Hennepin County issued more library cards last year than it had in years.

Library visits have been declining nationwide for the past decade, so any reversal of that trend — even a 6% uptick in card-carrying library patrons in one Minnesota county — is cause to celebrate. Even if the librarians can't quite pinpoint why.

Unless it was the llamas.

Giggles filled the air and llamas filled the Washburn Library parking lot in south Minneapolis on a recent Saturday afternoon. The line to meet the llamas stretched down and around the building, past the llama story-time tent and tables filled with llama-themed games and activities.

Five llamas mingled with library patrons, eyelashes fluttering. Wide-eyed children and adults reached out to stroke the animals' soft fur. Volunteers distributed treats that llamas nibbled delicately off dozens of outstretched palms.

There are llamas at the library for the same reason there are books on the shelves. To amuse us, to delight us and maybe even teach us something new. Llamas are there because — in the words of one small girl who met one at the Penn Lake Library — llamas are llamazing.

Llamas have been circulating at libraries in and around Minneapolis for two summers now, drawing bigger and happier crowds each year. Almost every weekend, llamas make an appearance at a different library in the system. The program runs this summer until Aug. 3.

"Discovery is part of the DNA of a library and the invitation to come discover something exciting or delightful at the library. Llamas really help bring that in," said Hennepin County spokesman Joshua Yetman. "This is for all ages. Young, old — folks who are just looking for a reason to get out of the house."

As Minnesotans check out the llamas, they are checked out by the llamas in return.

"They're checking you out because they're curious," said Rick Carlson, founder of Carlson's Llovable Llamas in Waconia — your source for llama encounters, llama camp, llama yoga, llama-themed birthday parties and, of course, llamas at the library.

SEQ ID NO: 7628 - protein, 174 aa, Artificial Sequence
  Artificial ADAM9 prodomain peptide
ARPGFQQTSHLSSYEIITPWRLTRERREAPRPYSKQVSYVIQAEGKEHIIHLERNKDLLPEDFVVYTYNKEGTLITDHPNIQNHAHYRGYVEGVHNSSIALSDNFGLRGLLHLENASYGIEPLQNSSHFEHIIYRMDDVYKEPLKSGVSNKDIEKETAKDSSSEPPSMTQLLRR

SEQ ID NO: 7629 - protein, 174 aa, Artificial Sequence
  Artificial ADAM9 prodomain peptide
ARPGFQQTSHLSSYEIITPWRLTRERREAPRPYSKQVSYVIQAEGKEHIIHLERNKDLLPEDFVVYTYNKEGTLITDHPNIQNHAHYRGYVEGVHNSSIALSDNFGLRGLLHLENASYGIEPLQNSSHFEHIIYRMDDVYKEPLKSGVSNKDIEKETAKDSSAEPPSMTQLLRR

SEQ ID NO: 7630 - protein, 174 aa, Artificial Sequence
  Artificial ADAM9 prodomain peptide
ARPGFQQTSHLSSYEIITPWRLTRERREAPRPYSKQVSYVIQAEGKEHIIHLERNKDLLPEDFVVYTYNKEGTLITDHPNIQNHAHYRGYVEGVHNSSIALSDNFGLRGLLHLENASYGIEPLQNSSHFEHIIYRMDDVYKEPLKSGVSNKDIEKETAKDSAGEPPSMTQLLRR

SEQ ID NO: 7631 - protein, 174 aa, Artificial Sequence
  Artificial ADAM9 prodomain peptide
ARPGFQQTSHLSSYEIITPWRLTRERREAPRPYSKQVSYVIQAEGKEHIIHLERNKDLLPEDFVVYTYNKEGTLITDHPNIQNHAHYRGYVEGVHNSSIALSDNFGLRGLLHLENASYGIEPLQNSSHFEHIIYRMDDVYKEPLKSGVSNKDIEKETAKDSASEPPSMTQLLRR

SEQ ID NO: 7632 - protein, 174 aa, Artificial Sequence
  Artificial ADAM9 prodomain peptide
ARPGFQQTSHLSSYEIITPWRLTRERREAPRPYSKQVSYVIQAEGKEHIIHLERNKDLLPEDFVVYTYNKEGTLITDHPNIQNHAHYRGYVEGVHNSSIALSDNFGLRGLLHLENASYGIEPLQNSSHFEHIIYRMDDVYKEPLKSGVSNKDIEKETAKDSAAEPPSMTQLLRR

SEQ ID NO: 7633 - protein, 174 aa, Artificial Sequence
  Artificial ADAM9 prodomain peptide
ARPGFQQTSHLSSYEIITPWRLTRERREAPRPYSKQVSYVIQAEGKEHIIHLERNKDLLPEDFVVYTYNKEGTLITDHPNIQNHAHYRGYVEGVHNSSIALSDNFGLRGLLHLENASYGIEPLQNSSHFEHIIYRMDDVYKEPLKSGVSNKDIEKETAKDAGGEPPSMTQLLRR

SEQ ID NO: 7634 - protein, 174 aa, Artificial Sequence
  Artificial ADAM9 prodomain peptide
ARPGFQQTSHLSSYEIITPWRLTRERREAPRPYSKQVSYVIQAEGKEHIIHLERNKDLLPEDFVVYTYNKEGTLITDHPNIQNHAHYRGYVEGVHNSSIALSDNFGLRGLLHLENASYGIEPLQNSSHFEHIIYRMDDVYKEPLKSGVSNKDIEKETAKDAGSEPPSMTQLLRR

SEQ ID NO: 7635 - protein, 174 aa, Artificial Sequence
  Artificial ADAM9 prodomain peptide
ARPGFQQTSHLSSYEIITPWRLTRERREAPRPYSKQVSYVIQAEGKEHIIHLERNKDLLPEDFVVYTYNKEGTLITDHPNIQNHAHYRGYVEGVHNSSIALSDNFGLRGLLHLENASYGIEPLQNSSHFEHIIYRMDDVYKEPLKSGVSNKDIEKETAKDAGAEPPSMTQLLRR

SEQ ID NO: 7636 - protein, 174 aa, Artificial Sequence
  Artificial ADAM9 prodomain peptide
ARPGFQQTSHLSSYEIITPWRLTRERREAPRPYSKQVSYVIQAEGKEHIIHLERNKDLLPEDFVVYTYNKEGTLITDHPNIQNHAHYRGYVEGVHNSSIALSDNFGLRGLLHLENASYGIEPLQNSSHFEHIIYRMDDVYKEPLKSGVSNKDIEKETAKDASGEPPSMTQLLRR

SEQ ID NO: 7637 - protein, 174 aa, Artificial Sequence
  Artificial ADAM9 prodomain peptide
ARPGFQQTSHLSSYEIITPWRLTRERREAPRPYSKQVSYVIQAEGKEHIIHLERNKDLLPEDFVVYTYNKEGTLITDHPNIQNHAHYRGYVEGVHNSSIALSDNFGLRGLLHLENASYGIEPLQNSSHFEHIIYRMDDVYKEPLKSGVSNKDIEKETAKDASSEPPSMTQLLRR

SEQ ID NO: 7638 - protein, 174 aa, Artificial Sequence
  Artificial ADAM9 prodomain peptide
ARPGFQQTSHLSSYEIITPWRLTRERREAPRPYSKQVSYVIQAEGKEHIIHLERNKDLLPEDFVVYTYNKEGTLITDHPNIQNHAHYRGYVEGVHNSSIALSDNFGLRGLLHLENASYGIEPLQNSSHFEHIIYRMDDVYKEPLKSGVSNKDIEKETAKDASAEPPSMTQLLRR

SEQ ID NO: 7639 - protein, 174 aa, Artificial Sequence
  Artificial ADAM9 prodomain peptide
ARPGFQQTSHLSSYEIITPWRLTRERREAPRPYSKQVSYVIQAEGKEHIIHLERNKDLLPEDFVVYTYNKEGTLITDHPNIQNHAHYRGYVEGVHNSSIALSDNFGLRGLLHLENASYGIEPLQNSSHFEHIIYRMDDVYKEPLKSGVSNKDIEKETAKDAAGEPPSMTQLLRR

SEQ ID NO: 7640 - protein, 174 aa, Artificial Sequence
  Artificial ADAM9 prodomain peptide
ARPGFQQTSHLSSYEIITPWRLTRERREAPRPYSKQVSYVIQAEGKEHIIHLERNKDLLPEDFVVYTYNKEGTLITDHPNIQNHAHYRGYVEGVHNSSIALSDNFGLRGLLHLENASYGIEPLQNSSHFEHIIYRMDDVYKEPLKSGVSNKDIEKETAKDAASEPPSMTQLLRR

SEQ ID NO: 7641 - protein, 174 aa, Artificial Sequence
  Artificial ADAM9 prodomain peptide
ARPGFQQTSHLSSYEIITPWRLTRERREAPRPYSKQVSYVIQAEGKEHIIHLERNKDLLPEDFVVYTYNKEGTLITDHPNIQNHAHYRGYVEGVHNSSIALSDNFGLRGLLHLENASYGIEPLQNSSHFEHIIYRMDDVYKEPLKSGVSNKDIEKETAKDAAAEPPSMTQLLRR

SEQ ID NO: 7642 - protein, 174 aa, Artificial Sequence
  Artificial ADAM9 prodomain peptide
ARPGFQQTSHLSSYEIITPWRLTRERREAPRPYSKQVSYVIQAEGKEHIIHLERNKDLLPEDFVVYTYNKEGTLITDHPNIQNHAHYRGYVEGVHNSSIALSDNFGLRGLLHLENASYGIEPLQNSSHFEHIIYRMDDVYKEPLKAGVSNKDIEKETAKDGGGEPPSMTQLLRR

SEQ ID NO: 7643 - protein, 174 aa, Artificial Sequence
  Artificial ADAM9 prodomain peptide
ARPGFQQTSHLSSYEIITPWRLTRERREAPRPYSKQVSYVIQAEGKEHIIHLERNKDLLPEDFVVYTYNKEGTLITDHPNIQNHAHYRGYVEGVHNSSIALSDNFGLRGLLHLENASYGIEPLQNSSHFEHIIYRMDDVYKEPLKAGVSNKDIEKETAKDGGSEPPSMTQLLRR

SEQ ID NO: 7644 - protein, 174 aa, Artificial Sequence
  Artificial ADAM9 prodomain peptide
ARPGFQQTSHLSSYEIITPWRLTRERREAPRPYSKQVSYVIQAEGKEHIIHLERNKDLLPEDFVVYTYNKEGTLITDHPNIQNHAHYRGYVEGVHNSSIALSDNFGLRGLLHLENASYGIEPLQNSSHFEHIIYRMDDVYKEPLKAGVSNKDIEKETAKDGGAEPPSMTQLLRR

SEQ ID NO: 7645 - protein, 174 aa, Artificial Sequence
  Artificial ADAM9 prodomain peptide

At a time when most of us are generations removed from life on a farm, a chance to spend time with a barnyard animal is a treat. Especially an animal that looks like someone tried to build a camel out of cotton candy.

"I grew up on a dairy farm, so I see this as an opportunity to get kids interested in animals," said Carlson, who finds that these events are good socialization for llamas that also work with 4-H kids and as therapy animals. "Any kind of animal contact they can have is a good thing … and llamas are so people-friendly and curious."

At Washburn, the llamas drifted around the parking lot like puffy clouds, pausing for frequent pats and hugs from the 800-plus people who came out to meet them that day. A few lowered themselves to the ground and knelt at eye level with the milling children.

"Llamas just draw people in," said Alison Reiter, youth services librarian and summer learning project manager for the Hennepin County Library system.

When the llamas visited the Arvonne Fraser Library in Dinkytown, college students flocked to greet them. At the Cedar-Riverside Opportunity Center, some of the neighborhood's Somali seniors were as excited as their grandchildren were to meet the llamas.

"The elders loved the llamas," Reiter said. "It brought back memories of their experience with camels back in Somalia.

"Llamas," Reiter added, "are for everyone."

The dream team of llamas and llibraries started two years ago, when an inspired group of librarians at the Franklin Library in the Ventura Village neighborhood invited Carlson's Llovable Llamas over for a very fluffy, very educational afternoon.

In 2023, the llamas visited 15 neighborhood libraries, drawing crowds of hundreds each time. And the number of library cardholders in Hennepin County increased.

Hennepin County isn't saying it was the llamas. But they're not saying it wasn't the llamas. And this summer, they upped the number of llama visits to 16.

You can find a schedule of upcoming library llama visits at hclib.bibliocommons.com/v2/events?q=llamas.